Name: Dee
Details: Female / 28 / bi-sexual
Relationship length: 2 and a half years
Ended: 1998
Location: Scotland

Dee met her ex girlfriend through her flatmate who had a crush on her. Dee was, at the time, only vaguely aware of her, knowing only that she was a Swedish exchange student. Her flat mate kept asking her out, but kept getting knocked back. Dee and her ex would meet at various nights out due to their mutual friends and one night they got chatting.

She then asked me to come along to a night out, I went along and we danced for a while. I remember saying something like “oh god I’m all sweaty!” and she said “no, you’re lovely”. After that we started dating!

They dated for around eighteen months when they decided to relocate to Sweden from Scotland. Things were good at first. It was exciting being in a new country, learning the language and customs and trying to find a job and meeting family and friends. But eventually the novelty wore off and a shift took place and it all good too much for the couple – particularly Dee’s ex.

The end came at our flat in central Stockholm, on our bed. I had asked if everything was ok for about the millionth time, as things hadn’t seemed quite right for while. Eventually she said that she loved me but wasn’t “in love” with me. She went on to explain that she had lost respect for me, partly because I had been depressed (my Grandfather was dying of cancer and I had been staying with him in the hospice) and partly because the strain of being emotionally and financially relied upon became too much for her.

Dee had left behind her family, her friends, her way of life in Scotland to be with this person she loved (a feeling I know all too well) – only to be chucked aside like an after thought. She was crushed and stuck.

I was devastated. I cried continually, I listened to Nyman’s Piano Concerto constantly. My new best friend was Absolut vodka. I lost weight, because I wasn’t really interested in eating or looking after myself. I continued to stay with my ex because she insisted that I didn’t have to move out straight away. I was also working with my ex at the time, so things were a bit strained at work too.

Like so many SYBD community members, Dee found out the hard way the perils of dating someone and working with them – and add to that the living with them too arrangement and you’ve got the recipe for agony.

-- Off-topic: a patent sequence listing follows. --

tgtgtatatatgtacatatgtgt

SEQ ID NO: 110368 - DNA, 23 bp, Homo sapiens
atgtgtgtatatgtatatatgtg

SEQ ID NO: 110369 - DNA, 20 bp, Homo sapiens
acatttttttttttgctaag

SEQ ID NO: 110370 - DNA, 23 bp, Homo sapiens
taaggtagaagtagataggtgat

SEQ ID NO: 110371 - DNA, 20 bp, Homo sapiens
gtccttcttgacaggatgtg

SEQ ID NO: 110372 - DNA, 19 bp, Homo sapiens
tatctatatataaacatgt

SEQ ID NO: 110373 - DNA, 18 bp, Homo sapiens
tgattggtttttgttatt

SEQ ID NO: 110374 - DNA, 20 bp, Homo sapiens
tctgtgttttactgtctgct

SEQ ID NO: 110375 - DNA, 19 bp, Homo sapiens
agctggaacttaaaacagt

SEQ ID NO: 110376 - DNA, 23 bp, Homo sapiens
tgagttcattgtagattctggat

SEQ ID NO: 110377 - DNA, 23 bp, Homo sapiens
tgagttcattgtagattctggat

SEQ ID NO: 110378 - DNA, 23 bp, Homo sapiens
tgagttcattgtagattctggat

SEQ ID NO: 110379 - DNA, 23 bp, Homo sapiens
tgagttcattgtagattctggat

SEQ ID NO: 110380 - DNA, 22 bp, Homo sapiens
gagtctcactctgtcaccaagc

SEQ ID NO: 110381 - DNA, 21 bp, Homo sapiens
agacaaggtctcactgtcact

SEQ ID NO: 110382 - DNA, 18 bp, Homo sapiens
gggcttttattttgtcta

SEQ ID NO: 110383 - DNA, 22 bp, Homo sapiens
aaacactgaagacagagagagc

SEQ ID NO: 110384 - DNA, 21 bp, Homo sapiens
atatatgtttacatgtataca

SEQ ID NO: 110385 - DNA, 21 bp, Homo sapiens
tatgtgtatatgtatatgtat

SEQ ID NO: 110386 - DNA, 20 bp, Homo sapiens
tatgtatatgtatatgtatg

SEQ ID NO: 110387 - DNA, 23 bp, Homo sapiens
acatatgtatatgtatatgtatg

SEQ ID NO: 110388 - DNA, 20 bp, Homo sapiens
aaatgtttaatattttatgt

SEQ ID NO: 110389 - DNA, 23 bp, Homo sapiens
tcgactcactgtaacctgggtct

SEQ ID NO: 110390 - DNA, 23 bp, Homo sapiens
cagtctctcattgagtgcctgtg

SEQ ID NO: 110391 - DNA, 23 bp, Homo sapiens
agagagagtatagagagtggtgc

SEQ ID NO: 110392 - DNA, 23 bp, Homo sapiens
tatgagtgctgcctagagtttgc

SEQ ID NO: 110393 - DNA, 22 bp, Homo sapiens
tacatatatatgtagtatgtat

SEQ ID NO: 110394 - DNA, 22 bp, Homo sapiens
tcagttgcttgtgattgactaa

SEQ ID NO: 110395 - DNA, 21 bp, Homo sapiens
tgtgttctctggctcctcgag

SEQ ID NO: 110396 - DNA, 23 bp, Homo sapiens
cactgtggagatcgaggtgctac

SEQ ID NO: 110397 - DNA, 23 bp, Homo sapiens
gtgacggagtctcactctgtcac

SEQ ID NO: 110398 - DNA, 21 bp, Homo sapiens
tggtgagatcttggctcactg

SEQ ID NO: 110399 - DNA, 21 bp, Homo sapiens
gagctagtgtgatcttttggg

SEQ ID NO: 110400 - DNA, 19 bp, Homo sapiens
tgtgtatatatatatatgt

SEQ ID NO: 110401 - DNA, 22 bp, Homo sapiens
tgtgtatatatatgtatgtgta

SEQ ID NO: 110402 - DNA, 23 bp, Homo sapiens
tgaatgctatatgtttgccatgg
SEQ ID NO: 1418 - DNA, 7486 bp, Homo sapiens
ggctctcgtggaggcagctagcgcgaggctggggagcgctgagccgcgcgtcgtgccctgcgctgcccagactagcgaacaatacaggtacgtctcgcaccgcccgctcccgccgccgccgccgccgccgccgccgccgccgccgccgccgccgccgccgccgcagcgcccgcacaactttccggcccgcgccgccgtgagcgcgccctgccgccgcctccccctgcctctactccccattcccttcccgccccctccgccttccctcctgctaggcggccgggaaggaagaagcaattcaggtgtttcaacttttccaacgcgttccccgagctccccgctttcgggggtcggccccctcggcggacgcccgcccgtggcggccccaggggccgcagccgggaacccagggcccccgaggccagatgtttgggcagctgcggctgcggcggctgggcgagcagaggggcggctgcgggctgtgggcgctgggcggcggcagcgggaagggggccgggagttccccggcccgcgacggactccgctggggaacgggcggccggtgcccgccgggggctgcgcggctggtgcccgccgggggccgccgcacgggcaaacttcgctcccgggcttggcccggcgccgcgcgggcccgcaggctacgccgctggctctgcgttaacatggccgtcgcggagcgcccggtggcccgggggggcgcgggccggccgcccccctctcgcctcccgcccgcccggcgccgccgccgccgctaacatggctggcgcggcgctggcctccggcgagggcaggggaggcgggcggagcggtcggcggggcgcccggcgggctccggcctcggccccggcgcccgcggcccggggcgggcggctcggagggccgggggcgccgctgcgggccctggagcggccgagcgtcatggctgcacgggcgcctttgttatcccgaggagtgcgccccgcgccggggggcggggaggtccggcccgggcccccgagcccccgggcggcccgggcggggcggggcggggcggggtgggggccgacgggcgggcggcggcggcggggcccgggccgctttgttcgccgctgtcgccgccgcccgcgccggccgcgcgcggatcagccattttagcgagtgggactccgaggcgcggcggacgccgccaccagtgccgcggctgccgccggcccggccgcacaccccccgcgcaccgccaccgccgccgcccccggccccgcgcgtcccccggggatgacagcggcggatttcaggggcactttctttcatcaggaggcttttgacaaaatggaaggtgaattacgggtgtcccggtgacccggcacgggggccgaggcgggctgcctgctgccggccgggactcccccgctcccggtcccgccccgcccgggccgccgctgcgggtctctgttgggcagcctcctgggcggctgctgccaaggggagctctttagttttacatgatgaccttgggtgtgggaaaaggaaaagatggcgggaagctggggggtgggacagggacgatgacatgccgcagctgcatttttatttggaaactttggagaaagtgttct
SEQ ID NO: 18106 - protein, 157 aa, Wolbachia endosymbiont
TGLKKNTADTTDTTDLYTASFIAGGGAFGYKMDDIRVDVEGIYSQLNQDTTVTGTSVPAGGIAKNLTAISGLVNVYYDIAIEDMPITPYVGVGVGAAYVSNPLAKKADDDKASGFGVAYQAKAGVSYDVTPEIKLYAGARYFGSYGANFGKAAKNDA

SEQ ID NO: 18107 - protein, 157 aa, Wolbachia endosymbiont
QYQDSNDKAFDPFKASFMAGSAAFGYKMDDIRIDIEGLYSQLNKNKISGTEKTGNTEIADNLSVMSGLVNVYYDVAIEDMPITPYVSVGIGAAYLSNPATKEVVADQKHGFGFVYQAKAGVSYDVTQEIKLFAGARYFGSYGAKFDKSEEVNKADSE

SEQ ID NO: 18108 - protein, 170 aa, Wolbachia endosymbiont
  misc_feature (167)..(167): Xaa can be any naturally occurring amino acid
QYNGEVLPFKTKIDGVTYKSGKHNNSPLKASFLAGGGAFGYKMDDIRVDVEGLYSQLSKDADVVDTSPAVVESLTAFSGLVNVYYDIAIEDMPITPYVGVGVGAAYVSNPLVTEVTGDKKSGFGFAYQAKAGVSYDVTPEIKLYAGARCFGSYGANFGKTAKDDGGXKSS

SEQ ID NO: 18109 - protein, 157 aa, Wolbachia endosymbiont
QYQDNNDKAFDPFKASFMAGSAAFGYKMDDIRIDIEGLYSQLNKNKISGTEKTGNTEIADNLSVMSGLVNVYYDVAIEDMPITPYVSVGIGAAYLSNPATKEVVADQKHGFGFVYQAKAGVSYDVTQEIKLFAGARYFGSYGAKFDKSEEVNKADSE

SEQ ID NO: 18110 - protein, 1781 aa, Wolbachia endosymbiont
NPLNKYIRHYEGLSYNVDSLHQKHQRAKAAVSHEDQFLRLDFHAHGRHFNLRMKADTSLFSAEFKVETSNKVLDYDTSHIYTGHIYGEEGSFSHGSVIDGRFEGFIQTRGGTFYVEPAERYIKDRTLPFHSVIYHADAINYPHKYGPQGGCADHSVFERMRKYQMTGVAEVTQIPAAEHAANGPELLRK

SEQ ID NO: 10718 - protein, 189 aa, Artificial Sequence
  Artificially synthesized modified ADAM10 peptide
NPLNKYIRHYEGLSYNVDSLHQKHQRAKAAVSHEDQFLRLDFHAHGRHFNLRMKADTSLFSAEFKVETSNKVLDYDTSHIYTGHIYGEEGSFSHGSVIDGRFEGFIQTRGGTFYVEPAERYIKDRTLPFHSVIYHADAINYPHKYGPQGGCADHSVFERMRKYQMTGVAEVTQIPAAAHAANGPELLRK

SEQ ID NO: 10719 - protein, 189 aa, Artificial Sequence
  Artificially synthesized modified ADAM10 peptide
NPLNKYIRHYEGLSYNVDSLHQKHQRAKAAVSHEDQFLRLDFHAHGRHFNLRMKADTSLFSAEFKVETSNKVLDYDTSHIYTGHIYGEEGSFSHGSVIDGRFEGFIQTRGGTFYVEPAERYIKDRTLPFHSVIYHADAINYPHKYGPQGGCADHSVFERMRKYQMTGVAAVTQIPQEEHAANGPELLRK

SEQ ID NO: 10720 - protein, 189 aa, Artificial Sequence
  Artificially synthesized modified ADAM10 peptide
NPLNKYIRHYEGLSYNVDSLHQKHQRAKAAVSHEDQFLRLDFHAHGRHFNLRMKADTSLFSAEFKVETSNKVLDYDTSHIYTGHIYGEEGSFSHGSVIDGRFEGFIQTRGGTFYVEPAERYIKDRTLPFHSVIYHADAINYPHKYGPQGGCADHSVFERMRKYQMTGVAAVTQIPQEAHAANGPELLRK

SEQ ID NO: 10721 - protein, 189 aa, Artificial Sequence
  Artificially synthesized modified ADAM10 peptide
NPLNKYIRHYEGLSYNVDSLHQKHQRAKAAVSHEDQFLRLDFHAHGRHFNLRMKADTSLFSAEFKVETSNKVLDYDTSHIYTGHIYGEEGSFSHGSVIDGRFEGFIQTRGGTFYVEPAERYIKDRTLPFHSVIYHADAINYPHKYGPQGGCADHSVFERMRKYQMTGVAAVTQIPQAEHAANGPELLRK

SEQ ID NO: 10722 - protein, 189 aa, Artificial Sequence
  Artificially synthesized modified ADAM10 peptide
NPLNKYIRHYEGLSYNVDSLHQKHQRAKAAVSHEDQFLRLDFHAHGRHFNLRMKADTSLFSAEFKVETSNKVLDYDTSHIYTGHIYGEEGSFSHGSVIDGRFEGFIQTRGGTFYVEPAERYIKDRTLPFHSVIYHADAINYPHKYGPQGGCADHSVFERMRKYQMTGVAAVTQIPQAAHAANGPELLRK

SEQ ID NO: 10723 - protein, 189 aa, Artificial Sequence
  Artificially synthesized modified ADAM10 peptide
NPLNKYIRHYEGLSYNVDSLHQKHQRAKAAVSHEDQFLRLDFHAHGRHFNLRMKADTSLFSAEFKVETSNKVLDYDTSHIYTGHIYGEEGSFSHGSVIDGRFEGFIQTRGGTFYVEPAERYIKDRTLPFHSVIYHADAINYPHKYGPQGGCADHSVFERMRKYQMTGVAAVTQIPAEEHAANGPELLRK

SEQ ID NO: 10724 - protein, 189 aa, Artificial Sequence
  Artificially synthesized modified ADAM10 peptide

Reeling from the break-up and her grandfather’s death, it was a phone call to her best friend in Australia that served as a wake up call for Dee.

I drank about half a litre of vodka and called my best friend who’d recently moved to Australia. The first thing he asked me was how much I had to drink. Upon reflection, I was really lucky that I didn’t spiral into alcoholism. I just remember him telling me I needed to move out.

Dee’s friend was right. When you’re reeling from another’s decision to break things off – you need to switch into self-preservation mode. So Dee moved back to Scotland and eventually in with her friend in Glasgow. She learned first hand just how long it can take to recover from heartbreak.

Once she did recover, Dee got a job at a call centre and started to date her team leader, John. Yes, it seems her ex put her off women and she’s been with John for five wonderful years now. She’s learned how to drive, passed her driving test (on the 7th time). She’s even flown down to Australia to visit that best friend of hers to thank him firsthand for all his support. Most of all she’s learned a lot about herself and her ways of coping with difficulties.

I'm amazed that I can now think about my relationship with some objectivity. I reflect fondly about the good times, but I also remember the bad times. Ultimately I know our break up was the best thing for both of us. I genuinely wish the best for her. I realise now how young I was at the time, mentally and emotionally. I’ve grown up a lot and feel that although it felt like my world was ending at the time, it was just changing. It was a great opportunity.

If Dee comes across a friend or stranger needing advice – she’s always there to give it. Trained to degree level in psychology, she’s a natural. Her advice is sound:
Look after yourself – first of all the basics: eat, sleep, don’t rely on alcohol (or drugs!) and cut contact with your ex, unless completely unavoidable (i.e. you have kids). Take it one day at a time and make sure you don’t rush into any relationships. Find activities to keep you busy, think of things you’ve always wanted to do then do them.

This chapter was written several years ago, I am please to report that Dee is not only still happy in her long-term relationship with John but they recently had a lovely,, gorgeous baby boy. What a difference a few years can make! It just goes to show - we never truly know what is around the next bend...

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